Roundup: Democratic Governors Blast Lack of State Aid In Senate Republicans’ COVID-19 Relief Bill

Senate Republicans laid out a proposal for the next COVID-19 stimulus package that seeks to slash benefits for unemployed Americans and doesn’t include substantial aid to states and localities.

Democratic governors across the country have pushed back on Republicans’ attempts to cut support for unemployed Americans and leave states in the lurch:

Connecticut Gov. Ned Lamont: “[After the last recession] we ended up having to cut personnel, cut nurses, cut teachers, cut frontline workers, and potentially raise taxes. That would be the worst thing in the world for this economy to get going. So pass the HEROES Act and do it properly.”

Guam Gov. Lou Leon Guerrero: “Two hundred dollars a week is $800 a month. It’s $800 more than what one would have if there was no FPUC. People might think that that’s not very much. I think it’s not enough either.”

Hawaii Gov. David Ige: “I’m just concerned that they’re not going to provide additional funds, and that the CARES Act funds are the only funds we’re going to get. […] That really would not be a good place for the state of Hawaii, for sure.”

Michigan Gov. Gretchen Whitmer: “[The Republican plan] does not accomplish the goal of helping states. […] I implore everyone in Washington, D.C., to stop the partisanship and get something done.”

Oregon Gov. Kate Brown: “This pandemic has had a devastating financial impact on so many Oregonians. Congress needs to step up and extend extra $600/week provided by the Federal Pandemic Unemployment Compensation, which ended yesterday. This money has been so important to help people pay bills.”

North Carolina Gov. Roy Cooper: It’s not safe for some people to go back to work and many don’t have jobs to return to yet. If federal unemployment benefits are cut off at the end of this week, it will hurt thousands of North Carolina families as well as our local economies.”

New Jersey Gov. Phil Murphy: “It’s completely irresponsible. I don’t know what country they’re looking at frankly. […] Our expenses are skyrocketing, for obvious reasons, to deal with this pandemic, to deal with unemployed folks, to deal with small businesses that have been crushed — our revenues have fallen off the table. The one smart thing we could do as a country right now is to inject a lot of cash into states to keep frontline workers employed at the very moment we may need them the most.”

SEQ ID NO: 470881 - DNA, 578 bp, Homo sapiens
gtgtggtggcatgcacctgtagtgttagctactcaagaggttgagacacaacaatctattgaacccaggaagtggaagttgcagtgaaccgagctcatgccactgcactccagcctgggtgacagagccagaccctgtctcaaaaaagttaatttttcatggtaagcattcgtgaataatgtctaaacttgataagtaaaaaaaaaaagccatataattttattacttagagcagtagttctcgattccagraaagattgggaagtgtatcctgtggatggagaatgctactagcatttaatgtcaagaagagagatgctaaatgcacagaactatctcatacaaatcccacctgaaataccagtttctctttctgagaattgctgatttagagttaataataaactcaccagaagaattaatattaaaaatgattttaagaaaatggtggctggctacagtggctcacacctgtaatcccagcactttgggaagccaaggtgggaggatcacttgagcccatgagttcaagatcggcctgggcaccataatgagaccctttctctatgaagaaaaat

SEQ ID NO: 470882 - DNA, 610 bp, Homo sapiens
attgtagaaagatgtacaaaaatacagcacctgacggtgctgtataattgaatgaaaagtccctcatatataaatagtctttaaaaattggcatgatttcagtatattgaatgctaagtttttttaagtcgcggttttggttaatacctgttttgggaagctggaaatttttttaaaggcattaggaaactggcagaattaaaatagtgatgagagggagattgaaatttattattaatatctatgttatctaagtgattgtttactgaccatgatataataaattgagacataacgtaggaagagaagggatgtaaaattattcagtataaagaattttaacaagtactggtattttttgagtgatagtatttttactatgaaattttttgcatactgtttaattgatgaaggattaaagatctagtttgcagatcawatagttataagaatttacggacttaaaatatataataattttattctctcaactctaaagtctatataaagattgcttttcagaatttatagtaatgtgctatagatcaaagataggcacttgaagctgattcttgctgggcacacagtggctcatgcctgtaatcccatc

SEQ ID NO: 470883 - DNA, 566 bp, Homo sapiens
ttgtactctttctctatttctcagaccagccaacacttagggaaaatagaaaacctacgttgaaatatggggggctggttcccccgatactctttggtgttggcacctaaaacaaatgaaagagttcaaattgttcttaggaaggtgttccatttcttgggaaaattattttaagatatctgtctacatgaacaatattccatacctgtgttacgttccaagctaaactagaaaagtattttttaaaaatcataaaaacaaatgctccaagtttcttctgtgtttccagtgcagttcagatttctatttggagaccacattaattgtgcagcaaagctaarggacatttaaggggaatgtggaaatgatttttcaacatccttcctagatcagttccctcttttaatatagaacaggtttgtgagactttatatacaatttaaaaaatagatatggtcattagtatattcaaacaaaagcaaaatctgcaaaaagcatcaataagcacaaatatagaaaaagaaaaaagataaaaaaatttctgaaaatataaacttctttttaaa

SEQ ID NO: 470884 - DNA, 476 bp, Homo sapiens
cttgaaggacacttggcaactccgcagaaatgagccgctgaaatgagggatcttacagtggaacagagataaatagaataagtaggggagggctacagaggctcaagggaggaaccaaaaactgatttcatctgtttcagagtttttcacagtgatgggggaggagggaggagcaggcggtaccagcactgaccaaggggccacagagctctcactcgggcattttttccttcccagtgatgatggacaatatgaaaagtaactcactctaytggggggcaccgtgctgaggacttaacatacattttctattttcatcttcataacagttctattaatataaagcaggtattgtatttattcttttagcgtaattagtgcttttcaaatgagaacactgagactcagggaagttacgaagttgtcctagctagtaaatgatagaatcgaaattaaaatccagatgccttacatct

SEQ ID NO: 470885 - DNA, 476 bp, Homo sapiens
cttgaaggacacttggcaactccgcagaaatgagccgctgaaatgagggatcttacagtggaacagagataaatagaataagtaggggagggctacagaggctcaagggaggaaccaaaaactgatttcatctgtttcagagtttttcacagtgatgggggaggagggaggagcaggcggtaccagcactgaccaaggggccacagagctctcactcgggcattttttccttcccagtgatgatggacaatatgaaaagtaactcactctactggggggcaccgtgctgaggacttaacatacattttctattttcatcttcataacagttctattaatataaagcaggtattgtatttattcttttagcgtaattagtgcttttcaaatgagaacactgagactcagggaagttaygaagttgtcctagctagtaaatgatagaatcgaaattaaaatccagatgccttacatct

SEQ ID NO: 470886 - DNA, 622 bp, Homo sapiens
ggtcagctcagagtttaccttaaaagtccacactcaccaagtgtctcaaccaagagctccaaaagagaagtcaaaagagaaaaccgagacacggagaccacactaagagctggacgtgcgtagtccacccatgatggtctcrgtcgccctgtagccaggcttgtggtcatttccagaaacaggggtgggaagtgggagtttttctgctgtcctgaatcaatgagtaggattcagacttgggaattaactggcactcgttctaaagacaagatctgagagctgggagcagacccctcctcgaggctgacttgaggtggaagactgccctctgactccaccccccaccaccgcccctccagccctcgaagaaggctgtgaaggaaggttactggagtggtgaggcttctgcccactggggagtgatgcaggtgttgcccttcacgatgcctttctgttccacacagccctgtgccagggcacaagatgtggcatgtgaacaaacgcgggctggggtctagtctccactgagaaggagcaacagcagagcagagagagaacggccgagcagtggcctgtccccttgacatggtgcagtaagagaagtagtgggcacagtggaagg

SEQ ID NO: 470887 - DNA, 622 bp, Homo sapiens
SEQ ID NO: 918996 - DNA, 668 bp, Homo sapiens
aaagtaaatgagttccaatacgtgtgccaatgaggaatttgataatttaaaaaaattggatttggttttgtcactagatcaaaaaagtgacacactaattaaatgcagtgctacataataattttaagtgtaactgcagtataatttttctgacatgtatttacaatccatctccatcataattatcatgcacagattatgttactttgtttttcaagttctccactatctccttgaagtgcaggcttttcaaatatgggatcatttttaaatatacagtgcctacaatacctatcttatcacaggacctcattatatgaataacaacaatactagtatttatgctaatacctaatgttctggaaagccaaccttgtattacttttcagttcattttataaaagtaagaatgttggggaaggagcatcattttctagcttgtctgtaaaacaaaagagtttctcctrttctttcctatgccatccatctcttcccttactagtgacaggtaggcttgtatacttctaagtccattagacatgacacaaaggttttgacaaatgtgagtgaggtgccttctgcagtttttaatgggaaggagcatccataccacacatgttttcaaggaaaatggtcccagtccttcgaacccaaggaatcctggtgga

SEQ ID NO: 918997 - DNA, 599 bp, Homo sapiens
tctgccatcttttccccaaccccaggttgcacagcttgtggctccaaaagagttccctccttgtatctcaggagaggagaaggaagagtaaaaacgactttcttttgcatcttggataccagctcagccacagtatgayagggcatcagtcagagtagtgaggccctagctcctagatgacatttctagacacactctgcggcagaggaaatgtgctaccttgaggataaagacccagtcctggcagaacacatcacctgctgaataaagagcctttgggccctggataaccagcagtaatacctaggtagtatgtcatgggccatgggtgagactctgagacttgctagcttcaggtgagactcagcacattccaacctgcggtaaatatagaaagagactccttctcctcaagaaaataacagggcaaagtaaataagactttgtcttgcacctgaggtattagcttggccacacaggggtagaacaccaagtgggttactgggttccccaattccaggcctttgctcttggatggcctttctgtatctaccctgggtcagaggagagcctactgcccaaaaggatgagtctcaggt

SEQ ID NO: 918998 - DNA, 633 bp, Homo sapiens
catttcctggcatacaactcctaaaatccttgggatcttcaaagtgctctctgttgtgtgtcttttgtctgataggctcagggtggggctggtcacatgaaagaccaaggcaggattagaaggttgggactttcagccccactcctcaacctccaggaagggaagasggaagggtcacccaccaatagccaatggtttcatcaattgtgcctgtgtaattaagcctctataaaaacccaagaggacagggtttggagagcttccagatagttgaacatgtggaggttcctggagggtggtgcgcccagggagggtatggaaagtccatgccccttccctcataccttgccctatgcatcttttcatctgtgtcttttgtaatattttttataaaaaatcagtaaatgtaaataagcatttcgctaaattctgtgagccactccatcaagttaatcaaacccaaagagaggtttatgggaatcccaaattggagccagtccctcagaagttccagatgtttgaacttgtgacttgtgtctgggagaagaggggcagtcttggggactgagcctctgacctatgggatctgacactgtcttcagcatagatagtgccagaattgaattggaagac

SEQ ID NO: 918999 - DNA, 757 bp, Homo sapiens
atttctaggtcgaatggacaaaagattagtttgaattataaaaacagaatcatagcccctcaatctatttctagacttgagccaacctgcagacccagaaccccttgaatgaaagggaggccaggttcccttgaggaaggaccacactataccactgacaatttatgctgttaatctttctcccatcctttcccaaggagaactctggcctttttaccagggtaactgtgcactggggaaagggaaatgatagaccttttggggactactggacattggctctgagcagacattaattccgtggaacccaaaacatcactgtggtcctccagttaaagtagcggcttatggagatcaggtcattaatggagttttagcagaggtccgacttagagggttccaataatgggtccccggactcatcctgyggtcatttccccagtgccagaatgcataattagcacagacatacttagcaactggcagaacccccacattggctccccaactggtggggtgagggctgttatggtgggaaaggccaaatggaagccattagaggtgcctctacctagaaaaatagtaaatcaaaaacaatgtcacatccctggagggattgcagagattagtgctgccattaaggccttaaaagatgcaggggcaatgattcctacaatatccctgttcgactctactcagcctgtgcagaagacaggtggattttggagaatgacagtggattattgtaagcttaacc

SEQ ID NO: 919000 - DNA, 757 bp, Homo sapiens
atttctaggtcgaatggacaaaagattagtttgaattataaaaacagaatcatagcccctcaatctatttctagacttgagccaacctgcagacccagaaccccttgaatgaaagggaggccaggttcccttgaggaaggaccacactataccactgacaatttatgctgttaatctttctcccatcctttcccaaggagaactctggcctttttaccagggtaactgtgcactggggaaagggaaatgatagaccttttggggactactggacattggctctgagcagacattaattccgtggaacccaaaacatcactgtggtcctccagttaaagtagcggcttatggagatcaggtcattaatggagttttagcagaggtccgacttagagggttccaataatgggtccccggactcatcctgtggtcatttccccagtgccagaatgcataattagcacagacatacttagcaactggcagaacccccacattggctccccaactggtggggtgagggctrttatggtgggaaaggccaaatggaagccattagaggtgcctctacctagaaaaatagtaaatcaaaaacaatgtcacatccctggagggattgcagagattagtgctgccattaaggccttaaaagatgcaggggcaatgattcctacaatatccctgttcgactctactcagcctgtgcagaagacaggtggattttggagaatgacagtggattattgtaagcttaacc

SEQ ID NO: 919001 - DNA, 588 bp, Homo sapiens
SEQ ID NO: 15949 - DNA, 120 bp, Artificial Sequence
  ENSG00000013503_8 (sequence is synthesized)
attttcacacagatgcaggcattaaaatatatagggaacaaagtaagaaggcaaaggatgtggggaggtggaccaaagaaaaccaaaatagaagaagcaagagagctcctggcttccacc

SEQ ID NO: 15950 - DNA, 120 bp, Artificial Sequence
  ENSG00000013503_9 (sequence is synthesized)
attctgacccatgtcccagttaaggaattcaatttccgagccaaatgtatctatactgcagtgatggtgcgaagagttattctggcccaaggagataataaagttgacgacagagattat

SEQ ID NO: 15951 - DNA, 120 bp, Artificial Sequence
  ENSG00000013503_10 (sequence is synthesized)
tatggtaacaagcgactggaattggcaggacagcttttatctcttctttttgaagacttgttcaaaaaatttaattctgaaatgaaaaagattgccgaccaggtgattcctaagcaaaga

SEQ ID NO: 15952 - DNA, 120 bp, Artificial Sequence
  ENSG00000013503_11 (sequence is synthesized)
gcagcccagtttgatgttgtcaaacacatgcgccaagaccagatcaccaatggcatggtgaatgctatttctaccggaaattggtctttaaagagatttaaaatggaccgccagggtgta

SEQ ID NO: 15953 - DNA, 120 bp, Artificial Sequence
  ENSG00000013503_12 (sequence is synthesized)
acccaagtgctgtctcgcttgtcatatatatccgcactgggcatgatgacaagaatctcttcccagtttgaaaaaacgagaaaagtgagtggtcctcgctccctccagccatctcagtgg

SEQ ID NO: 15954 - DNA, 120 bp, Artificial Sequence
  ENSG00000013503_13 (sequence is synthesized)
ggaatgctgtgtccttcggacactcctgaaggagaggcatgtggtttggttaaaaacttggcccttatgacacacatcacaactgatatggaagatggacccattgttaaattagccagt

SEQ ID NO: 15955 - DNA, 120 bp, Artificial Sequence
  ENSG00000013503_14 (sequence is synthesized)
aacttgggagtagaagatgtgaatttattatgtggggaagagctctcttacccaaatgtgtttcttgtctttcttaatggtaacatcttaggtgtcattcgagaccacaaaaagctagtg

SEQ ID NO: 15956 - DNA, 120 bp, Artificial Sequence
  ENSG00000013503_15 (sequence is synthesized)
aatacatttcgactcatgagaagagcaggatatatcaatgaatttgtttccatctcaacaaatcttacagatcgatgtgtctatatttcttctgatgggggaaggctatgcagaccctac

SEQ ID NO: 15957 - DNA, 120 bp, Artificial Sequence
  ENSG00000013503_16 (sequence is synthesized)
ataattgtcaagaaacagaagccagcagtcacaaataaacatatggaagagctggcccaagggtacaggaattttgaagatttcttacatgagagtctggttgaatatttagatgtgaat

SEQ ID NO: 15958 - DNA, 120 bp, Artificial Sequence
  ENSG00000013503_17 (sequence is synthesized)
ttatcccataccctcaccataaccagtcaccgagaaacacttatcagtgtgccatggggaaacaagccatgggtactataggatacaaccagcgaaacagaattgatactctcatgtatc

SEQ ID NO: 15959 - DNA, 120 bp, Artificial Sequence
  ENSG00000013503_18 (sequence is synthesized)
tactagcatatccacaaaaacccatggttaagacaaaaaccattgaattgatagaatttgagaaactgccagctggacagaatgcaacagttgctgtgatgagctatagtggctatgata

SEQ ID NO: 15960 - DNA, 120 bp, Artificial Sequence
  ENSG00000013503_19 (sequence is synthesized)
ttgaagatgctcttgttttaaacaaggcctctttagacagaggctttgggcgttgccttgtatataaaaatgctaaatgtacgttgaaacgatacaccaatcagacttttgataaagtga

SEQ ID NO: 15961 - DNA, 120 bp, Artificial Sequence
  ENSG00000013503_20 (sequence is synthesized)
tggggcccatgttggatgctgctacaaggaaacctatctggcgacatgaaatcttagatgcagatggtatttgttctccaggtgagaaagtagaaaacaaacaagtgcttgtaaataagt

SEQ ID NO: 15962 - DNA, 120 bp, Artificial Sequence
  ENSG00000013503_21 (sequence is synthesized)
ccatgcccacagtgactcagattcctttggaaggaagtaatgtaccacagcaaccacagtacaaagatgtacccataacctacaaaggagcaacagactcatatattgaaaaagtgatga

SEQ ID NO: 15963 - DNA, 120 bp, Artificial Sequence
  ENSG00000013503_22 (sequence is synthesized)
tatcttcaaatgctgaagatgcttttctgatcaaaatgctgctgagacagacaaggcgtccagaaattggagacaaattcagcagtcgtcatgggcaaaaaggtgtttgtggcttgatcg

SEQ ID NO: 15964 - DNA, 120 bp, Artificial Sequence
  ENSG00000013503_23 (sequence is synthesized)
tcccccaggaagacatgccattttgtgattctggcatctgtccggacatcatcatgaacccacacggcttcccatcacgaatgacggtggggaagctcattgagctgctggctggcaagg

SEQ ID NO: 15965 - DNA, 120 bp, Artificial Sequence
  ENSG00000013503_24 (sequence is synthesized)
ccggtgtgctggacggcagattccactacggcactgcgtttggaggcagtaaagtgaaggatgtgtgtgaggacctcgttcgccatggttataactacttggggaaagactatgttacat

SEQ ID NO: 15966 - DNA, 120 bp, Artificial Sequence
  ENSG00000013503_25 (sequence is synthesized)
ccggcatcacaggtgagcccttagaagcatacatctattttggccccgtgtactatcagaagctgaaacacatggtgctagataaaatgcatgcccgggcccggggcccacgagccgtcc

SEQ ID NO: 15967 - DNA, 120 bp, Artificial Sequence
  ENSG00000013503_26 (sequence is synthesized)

New Mexico Gov. Michelle Lujan Grisham: “More than 175,000 New Mexicans have benefited from the $600 boost throughout the pandemic. It’s a literal lifeline. Parents, workers, our neighbors and our friends all across our state have come to rely upon this to get by every day, every week of this crisis. Congressional Republicans want to take that money out of their pockets, water down essential benefits, provide even less to New Mexicans who need every ounce of assistance they can get during this public health and economic emergency. It represents an unconscionable step backward in our fight to both provide help to affected workers and to help sustain our economy. The proposal as it stands is unworkable and would lead to delays and confusion on behalf of the public, in addition to lacking any additional funding for states dealing with untold revenue losses.”

New York Gov. Andrew Cuomo: “If Washington doesn’t provide state and local aid, there will be drastic budget cuts. We have about a $14 billion loss of revenue. We have about a $5 billion cost of this COVID virus. I’m calling on Republican lawmakers in this state to stand united with New York. It’s time to put your politics aside, stand up and call on your colleagues to do the right thing. You were elected to represent the people of this state, not the Republican Party. Fight for New Yorkers as loudly as you play politics for your party.”

Pennsylvania Gov. Tom Wolf: “There are just too many jobs that aren’t paying enough. And maybe when we started hearing complaints from some folks that six hundred dollars a week was actually encouraging people to stay on unemployment compensation and not go back to work, that should have sent a signal, a message, that maybe we ought to pay more. […] [The $200-per-week supplement] is better than nothing. But in my opinion it’s not enough.”